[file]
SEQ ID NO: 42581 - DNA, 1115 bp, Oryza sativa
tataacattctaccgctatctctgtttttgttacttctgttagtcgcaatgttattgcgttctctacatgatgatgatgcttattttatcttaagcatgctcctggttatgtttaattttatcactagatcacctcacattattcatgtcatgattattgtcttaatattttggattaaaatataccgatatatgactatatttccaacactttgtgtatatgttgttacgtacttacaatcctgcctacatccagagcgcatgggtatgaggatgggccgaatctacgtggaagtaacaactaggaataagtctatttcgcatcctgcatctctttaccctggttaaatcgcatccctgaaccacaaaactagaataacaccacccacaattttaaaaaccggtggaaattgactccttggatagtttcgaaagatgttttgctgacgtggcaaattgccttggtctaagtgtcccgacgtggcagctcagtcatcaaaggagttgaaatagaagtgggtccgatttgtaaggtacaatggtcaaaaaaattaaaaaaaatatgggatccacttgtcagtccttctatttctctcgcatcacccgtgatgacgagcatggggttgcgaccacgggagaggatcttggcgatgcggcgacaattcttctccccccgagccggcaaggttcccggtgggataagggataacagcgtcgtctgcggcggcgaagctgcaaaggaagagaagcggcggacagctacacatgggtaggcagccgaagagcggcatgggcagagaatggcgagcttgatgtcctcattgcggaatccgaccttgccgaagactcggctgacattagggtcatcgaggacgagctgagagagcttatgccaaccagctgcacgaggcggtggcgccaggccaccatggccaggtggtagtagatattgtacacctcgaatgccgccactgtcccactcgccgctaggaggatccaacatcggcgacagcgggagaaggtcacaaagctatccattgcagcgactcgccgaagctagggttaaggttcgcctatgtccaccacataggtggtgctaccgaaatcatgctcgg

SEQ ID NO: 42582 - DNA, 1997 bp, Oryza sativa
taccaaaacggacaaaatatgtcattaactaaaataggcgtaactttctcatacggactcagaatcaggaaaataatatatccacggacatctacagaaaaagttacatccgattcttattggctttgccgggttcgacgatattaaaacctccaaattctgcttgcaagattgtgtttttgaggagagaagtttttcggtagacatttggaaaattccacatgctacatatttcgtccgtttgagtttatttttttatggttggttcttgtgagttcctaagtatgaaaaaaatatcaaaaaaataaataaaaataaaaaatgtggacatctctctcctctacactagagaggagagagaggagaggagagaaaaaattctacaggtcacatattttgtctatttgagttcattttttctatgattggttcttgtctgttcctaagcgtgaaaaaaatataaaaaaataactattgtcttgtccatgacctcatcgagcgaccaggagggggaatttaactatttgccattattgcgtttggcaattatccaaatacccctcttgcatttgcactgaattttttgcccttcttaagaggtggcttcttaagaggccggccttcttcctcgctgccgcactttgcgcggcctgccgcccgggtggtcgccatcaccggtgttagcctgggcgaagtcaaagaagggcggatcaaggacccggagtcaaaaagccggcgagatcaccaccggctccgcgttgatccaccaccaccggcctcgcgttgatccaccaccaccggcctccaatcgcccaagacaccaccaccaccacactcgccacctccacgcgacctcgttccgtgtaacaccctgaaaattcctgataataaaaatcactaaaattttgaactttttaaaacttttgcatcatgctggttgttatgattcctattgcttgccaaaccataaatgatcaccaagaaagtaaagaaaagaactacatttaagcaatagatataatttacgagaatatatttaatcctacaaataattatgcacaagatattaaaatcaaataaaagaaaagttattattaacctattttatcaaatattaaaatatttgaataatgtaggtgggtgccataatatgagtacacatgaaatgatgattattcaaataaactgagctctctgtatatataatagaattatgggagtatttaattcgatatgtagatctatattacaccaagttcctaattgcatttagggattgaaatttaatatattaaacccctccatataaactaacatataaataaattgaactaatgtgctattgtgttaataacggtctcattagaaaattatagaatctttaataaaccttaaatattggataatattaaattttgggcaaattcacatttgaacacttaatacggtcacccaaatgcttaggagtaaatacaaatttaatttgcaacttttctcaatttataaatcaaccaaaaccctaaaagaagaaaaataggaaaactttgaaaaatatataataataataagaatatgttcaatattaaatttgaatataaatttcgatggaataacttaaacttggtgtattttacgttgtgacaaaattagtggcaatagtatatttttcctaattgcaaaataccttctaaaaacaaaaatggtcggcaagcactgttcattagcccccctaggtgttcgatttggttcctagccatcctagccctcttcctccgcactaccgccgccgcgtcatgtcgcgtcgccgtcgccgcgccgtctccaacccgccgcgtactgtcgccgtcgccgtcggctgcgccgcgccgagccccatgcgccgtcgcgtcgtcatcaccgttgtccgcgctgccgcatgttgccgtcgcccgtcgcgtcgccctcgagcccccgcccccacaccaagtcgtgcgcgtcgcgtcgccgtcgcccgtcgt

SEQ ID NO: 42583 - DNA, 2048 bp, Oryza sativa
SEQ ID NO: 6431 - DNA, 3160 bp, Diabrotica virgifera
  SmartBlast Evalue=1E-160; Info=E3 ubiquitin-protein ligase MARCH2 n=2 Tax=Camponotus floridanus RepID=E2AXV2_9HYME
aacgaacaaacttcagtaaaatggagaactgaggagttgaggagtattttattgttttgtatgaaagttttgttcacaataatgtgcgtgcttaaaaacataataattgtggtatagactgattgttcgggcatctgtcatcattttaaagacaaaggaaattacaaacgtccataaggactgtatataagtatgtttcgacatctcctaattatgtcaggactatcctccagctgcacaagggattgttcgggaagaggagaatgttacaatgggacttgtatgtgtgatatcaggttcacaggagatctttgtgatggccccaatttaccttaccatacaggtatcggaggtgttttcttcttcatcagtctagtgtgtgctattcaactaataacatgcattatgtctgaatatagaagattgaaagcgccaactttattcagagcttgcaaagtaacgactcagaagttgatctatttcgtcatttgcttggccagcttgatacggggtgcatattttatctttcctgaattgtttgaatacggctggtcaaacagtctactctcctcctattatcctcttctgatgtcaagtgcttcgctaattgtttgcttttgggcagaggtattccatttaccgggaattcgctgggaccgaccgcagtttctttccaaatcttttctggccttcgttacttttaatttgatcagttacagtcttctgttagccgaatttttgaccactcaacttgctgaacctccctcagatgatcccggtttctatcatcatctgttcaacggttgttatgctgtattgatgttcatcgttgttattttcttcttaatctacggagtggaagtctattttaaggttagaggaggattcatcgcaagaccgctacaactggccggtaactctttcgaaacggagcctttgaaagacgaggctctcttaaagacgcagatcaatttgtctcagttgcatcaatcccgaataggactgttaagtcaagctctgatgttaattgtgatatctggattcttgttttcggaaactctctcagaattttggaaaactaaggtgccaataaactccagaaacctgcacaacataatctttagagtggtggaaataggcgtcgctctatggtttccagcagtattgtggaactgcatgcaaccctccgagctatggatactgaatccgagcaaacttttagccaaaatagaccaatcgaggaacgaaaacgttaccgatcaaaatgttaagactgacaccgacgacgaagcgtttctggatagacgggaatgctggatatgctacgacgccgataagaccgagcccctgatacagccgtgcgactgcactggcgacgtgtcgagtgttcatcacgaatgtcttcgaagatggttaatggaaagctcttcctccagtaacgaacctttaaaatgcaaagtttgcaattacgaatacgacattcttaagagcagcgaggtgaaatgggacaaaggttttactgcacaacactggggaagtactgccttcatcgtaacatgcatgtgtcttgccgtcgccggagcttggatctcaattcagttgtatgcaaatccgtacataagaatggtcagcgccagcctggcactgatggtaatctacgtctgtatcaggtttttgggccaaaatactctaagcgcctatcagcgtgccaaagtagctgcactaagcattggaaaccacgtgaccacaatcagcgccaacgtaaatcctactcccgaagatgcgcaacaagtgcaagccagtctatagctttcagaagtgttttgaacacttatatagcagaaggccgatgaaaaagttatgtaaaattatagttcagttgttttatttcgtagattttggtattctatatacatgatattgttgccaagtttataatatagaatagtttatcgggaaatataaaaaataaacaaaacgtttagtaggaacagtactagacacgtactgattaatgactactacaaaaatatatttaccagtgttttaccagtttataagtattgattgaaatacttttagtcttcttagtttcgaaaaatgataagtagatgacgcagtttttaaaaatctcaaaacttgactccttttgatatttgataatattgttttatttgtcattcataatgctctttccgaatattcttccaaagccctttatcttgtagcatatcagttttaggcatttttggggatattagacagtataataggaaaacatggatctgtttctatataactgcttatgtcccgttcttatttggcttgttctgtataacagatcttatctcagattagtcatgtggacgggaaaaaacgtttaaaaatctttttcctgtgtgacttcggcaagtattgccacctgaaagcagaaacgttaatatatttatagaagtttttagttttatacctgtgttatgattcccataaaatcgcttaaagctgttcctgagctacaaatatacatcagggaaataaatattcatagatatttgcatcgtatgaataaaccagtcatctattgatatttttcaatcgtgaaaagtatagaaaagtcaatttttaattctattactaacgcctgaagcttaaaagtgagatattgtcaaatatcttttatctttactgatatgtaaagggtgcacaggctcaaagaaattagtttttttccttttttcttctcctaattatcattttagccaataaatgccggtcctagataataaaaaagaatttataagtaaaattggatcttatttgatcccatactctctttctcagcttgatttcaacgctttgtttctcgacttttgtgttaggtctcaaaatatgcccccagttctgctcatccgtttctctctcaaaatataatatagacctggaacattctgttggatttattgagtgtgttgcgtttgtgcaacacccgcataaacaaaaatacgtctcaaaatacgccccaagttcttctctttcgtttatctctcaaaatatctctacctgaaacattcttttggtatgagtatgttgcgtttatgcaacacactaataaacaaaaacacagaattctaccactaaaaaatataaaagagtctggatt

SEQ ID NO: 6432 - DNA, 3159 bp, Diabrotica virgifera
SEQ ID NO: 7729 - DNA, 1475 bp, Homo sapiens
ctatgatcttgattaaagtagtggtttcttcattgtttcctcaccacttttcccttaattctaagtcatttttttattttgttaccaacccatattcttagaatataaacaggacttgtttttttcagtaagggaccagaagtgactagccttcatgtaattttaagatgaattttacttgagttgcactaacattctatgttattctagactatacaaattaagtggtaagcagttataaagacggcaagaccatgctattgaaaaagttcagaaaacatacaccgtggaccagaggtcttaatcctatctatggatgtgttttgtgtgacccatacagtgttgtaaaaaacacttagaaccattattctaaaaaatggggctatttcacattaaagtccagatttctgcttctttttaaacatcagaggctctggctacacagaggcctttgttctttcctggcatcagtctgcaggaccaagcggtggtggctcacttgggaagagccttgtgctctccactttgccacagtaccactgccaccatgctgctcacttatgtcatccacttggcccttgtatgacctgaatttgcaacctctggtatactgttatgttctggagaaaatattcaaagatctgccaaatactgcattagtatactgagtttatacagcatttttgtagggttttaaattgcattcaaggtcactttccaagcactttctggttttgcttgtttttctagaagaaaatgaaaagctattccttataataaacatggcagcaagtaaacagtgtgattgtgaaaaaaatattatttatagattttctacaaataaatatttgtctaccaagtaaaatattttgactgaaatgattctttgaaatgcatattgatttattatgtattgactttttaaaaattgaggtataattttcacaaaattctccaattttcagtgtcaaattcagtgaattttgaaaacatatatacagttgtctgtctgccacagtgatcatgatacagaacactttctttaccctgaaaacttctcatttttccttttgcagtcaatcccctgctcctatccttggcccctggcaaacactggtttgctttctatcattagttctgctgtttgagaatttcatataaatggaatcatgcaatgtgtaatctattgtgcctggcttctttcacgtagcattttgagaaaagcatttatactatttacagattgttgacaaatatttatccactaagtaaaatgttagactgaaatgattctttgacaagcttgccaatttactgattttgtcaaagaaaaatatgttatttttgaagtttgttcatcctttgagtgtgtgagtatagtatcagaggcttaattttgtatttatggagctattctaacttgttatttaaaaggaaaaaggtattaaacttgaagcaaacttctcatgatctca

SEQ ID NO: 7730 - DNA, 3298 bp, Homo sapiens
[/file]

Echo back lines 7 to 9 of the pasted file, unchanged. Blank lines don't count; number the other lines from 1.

  SmartBlast Evalue=1E-160; Info=E3 ubiquitin-protein ligase MARCH2 n=2 Tax=Camponotus floridanus RepID=E2AXV2_9HYME
aacgaacaaacttcagtaaaatggagaactgaggagttgaggagtattttattgttttgtatgaaagttttgttcacaataatgtgcgtgcttaaaaacataataattgtggtatagactgattgttcgggcatctgtcatcattttaaagacaaaggaaattacaaacgtccataaggactgtatataagtatgtttcgacatctcctaattatgtcaggactatcctccagctgcacaagggattgttcgggaagaggagaatgttacaatgggacttgtatgtgtgatatcaggttcacaggagatctttgtgatggccccaatttaccttaccatacaggtatcggaggtgttttcttcttcatcagtctagtgtgtgctattcaactaataacatgcattatgtctgaatatagaagattgaaagcgccaactttattcagagcttgcaaagtaacgactcagaagttgatctatttcgtcatttgcttggccagcttgatacggggtgcatattttatctttcctgaattgtttgaatacggctggtcaaacagtctactctcctcctattatcctcttctgatgtcaagtgcttcgctaattgtttgcttttgggcagaggtattccatttaccgggaattcgctgggaccgaccgcagtttctttccaaatcttttctggccttcgttacttttaatttgatcagttacagtcttctgttagccgaatttttgaccactcaacttgctgaacctccctcagatgatcccggtttctatcatcatctgttcaacggttgttatgctgtattgatgttcatcgttgttattttcttcttaatctacggagtggaagtctattttaaggttagaggaggattcatcgcaagaccgctacaactggccggtaactctttcgaaacggagcctttgaaagacgaggctctcttaaagacgcagatcaatttgtctcagttgcatcaatcccgaataggactgttaagtcaagctctgatgttaattgtgatatctggattcttgttttcggaaactctctcagaattttggaaaactaaggtgccaataaactccagaaacctgcacaacataatctttagagtggtggaaataggcgtcgctctatggtttccagcagtattgtggaactgcatgcaaccctccgagctatggatactgaatccgagcaaacttttagccaaaatagaccaatcgaggaacgaaaacgttaccgatcaaaatgttaagactgacaccgacgacgaagcgtttctggatagacgggaatgctggatatgctacgacgccgataagaccgagcccctgatacagccgtgcgactgcactggcgacgtgtcgagtgttcatcacgaatgtcttcgaagatggttaatggaaagctcttcctccagtaacgaacctttaaaatgcaaagtttgcaattacgaatacgacattcttaagagcagcgaggtgaaatgggacaaaggttttactgcacaacactggggaagtactgccttcatcgtaacatgcatgtgtcttgccgtcgccggagcttggatctcaattcagttgtatgcaaatccgtacataagaatggtcagcgccagcctggcactgatggtaatctacgtctgtatcaggtttttgggccaaaatactctaagcgcctatcagcgtgccaaagtagctgcactaagcattggaaaccacgtgaccacaatcagcgccaacgtaaatcctactcccgaagatgcgcaacaagtgcaagccagtctatagctttcagaagtgttttgaacacttatatagcagaaggccgatgaaaaagttatgtaaaattatagttcagttgttttatttcgtagattttggtattctatatacatgatattgttgccaagtttataatatagaatagtttatcgggaaatataaaaaataaacaaaacgtttagtaggaacagtactagacacgtactgattaatgactactacaaaaatatatttaccagtgttttaccagtttataagtattgattgaaatacttttagtcttcttagtttcgaaaaatgataagtagatgacgcagtttttaaaaatctcaaaacttgactccttttgatatttgataatattgttttatttgtcattcataatgctctttccgaatattcttccaaagccctttatcttgtagcatatcagttttaggcatttttggggatattagacagtataataggaaaacatggatctgtttctatataactgcttatgtcccgttcttatttggcttgttctgtataacagatcttatctcagattagtcatgtggacgggaaaaaacgtttaaaaatctttttcctgtgtgacttcggcaagtattgccacctgaaagcagaaacgttaatatatttatagaagtttttagttttatacctgtgttatgattcccataaaatcgcttaaagctgttcctgagctacaaatatacatcagggaaataaatattcatagatatttgcatcgtatgaataaaccagtcatctattgatatttttcaatcgtgaaaagtatagaaaagtcaatttttaattctattactaacgcctgaagcttaaaagtgagatattgtcaaatatcttttatctttactgatatgtaaagggtgcacaggctcaaagaaattagtttttttccttttttcttctcctaattatcattttagccaataaatgccggtcctagataataaaaaagaatttataagtaaaattggatcttatttgatcccatactctctttctcagcttgatttcaacgctttgtttctcgacttttgtgttaggtctcaaaatatgcccccagttctgctcatccgtttctctctcaaaatataatatagacctggaacattctgttggatttattgagtgtgttgcgtttgtgcaacacccgcataaacaaaaatacgtctcaaaatacgccccaagttcttctctttcgtttatctctcaaaatatctctacctgaaacattcttttggtatgagtatgttgcgtttatgcaacacactaataaacaaaaacacagaattctaccactaaaaaatataaaagagtctggatt

SEQ ID NO: 6432 - DNA, 3159 bp, Diabrotica virgifera